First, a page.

Brendan O’Connell is used to opening invoices, requests for payment, donations and even the occasional angry letter that lands on his desk at Portland City Hall.
Last Wednesday, the city’s finance director found a hand-addressed envelope and knew this was going to be different.
Inside the envelope postmarked in California, he found a letter from a man making amends for taking a piece of broken sidewalk home from Portland half a century ago.
“I could tell right away it was going to be something interesting. Usually handwritten letters like that include something on the personal side,” he said. “It had that feel of something written by a grandparent. It was sweet and cute to read.”
The letter, framed by a border of yellow pencils and printed in a fanciful font, is addressed to O’Connell and begins with a parenthetical note: “I am sure you will find this to be a cwazy letter but read it anyway.” O’Connell isn’t sure if “cwazy” is a typo or if the man is “ridiculously cute,” but he loves it either way.
The letter writer, Roy Pitts, goes on to explain that he visited Portland about 50 years ago with his family, including his 9-year-old daughter. She had read a historical story about the city and was excited when her family found the actual location in that story. Pitts said he could remember neither the historical story or the street where it took place.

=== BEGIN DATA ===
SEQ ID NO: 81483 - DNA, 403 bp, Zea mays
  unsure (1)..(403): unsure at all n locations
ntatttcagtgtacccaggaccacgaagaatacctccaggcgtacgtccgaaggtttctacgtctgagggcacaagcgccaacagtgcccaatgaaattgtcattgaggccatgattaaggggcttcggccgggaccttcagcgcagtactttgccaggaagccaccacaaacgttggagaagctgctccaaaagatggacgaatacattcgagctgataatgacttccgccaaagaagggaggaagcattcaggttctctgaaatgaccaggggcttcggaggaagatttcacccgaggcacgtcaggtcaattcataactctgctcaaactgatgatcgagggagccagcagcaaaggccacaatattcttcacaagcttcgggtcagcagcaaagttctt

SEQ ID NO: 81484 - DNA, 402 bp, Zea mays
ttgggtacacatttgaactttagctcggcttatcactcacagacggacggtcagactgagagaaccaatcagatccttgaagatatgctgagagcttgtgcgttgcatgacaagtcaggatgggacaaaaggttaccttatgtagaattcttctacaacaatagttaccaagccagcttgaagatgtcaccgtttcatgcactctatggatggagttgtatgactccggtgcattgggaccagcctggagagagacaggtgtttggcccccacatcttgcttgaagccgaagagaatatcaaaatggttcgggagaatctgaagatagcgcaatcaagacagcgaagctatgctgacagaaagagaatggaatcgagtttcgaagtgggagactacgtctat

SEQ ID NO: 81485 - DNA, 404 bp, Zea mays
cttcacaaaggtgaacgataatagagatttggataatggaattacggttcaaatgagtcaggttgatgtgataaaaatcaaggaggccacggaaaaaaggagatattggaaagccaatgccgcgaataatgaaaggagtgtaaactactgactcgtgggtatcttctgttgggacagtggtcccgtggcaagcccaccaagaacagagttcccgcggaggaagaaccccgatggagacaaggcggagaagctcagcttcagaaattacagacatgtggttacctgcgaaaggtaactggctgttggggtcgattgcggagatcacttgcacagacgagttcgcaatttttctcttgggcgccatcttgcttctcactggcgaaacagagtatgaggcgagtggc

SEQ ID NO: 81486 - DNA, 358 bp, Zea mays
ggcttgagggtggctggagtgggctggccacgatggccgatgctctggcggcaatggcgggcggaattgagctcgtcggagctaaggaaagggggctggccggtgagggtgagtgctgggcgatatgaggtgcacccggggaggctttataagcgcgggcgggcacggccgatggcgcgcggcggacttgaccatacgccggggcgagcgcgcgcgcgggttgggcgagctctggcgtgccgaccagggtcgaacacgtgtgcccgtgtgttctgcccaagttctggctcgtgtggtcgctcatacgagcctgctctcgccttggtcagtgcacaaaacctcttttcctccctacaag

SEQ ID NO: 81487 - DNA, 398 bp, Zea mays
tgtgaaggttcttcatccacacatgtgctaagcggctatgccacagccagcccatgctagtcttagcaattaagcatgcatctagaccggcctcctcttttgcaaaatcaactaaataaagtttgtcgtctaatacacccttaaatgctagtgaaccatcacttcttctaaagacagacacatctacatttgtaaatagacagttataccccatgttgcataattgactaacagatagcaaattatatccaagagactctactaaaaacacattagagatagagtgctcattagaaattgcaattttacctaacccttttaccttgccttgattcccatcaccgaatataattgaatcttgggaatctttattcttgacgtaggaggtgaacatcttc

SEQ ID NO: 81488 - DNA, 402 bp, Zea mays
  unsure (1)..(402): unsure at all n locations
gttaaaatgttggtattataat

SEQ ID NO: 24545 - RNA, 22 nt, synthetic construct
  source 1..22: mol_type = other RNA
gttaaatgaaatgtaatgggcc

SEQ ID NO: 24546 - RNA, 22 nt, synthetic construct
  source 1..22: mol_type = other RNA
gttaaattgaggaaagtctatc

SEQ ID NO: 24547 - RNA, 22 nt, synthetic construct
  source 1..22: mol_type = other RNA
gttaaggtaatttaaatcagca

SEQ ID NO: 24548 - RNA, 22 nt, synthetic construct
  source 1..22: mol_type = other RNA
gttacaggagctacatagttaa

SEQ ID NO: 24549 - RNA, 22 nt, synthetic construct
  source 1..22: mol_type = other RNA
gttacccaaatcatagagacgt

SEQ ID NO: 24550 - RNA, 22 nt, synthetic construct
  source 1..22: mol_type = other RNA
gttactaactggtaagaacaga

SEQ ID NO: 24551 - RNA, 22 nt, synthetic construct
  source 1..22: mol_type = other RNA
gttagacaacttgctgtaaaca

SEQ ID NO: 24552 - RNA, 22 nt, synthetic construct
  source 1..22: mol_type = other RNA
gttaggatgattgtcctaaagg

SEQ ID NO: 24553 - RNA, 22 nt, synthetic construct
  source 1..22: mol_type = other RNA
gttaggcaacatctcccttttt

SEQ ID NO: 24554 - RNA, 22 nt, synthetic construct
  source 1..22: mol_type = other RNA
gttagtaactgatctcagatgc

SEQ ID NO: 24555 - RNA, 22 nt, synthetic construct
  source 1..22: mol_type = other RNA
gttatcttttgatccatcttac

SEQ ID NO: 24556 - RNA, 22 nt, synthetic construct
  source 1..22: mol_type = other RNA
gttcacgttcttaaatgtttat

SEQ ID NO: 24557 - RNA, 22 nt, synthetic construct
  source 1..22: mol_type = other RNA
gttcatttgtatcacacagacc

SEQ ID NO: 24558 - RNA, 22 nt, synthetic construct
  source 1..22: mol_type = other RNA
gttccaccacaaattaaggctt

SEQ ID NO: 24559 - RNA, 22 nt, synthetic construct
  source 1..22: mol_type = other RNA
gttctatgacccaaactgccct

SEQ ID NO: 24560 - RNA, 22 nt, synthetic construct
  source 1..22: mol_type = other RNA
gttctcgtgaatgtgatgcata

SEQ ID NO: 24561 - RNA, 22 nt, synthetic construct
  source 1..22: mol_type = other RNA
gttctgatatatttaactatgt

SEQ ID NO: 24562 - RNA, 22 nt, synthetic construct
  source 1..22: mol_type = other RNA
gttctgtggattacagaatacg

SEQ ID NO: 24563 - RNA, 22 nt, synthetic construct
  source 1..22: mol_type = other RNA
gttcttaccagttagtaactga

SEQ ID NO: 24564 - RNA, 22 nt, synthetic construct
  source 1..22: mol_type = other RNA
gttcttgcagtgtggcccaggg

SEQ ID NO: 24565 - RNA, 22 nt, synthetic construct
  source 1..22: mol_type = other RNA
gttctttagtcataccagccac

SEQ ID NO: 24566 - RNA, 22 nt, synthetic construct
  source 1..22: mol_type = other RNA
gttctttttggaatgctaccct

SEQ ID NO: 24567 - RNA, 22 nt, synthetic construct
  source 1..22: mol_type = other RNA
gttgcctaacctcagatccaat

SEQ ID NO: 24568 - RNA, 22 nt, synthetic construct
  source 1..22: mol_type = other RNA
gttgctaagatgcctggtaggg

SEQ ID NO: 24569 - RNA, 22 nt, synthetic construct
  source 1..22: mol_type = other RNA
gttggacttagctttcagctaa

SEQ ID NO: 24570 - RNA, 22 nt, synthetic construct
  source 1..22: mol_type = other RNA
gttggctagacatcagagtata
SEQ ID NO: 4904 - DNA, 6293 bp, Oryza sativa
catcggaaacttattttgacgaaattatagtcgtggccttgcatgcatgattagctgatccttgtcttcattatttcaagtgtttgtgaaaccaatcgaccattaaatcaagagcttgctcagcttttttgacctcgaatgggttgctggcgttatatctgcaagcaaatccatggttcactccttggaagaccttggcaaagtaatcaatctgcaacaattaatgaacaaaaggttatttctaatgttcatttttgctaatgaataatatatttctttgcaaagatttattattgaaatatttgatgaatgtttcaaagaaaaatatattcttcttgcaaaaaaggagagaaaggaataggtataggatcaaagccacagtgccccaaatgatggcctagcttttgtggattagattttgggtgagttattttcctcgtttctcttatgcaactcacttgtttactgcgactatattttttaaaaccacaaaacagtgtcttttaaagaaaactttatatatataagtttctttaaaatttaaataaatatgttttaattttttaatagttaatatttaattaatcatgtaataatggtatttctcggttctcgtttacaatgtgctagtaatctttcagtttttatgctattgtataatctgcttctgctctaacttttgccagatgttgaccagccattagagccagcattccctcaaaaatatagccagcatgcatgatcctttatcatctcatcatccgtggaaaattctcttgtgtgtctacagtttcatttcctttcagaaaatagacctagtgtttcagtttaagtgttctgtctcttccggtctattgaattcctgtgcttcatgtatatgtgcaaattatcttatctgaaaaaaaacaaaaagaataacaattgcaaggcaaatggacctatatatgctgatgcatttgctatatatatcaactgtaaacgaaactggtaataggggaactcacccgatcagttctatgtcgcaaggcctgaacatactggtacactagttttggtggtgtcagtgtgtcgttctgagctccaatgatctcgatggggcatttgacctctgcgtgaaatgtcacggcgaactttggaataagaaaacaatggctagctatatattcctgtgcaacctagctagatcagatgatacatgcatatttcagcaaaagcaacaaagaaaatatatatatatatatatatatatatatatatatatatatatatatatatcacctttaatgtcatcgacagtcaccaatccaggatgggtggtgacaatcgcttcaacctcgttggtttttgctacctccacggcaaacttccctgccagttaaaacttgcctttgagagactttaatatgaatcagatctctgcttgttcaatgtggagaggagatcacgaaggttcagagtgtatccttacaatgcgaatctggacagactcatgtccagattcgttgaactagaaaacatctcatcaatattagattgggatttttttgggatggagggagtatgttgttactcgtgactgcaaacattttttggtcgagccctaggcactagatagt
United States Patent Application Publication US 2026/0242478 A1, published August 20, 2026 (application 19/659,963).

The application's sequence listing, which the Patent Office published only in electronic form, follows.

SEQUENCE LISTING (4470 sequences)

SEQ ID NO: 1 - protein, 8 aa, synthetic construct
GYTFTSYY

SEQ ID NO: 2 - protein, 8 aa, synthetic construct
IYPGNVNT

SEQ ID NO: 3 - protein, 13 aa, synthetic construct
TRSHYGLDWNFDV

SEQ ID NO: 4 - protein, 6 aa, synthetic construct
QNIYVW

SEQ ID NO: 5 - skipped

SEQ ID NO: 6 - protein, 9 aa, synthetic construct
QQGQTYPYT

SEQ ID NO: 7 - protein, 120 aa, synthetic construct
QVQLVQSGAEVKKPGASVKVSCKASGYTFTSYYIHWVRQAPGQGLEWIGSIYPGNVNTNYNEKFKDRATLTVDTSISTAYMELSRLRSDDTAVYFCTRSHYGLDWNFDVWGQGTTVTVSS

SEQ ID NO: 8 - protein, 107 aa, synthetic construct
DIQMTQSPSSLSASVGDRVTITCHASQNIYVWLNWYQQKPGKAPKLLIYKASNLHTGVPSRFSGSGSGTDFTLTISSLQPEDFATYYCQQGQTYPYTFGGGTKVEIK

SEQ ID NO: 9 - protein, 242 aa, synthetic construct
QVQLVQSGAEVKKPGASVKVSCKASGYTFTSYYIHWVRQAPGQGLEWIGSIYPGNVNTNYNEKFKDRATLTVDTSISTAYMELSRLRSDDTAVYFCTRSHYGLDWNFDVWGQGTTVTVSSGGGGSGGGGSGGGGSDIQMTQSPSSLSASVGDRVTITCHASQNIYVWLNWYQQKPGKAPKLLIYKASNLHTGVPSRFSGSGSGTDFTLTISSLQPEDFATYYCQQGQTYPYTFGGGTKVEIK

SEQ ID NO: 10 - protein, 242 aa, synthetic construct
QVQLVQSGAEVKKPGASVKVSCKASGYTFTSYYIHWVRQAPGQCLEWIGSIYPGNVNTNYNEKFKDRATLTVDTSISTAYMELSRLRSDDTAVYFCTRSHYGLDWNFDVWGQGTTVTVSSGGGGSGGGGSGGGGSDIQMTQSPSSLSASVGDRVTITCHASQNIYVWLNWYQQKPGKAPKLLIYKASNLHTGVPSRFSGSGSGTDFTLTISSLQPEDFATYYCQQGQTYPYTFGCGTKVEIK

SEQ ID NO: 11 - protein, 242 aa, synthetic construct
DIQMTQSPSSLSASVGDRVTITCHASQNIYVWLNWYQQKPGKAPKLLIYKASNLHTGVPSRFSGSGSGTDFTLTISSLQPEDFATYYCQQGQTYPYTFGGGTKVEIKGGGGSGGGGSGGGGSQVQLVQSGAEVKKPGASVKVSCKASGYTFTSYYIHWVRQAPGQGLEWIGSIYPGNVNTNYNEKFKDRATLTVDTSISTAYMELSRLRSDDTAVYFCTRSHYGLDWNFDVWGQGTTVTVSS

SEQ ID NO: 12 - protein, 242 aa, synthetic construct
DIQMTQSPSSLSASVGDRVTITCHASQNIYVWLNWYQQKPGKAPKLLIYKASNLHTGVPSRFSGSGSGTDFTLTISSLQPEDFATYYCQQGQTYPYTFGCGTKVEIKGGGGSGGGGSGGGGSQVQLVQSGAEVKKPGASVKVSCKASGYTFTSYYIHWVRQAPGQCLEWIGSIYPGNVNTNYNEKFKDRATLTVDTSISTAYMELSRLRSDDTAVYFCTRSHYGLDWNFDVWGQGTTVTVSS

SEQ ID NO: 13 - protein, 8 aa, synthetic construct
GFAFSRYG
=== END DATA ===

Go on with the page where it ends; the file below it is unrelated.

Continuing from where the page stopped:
“The sidewalk at the time was made of paver bricks that were in disrepair and strewn all around. She wanted to have one of those bricks as a souvenir of the day,” Pitts wrote. “I said ‘Oh, sure honey. It’s just an old brick. You could probably take it home with you.’”
Fast-forward through the decades.
“Now all these years later, my 89 year old wife is all worried (I’m sure you know how women can think of things to worry about …) because I stole a brick from your city,” the letter continued.
Pitts included $5 “just to stop the worrying in this house and make amends for all my wrong doings.”
“Hopefully $5 will cover the cost of an old broken brick of 50 years ago,” he concluded.
O’Connell said there’s no way to tell if that $5 actually covers the value of that brick, …….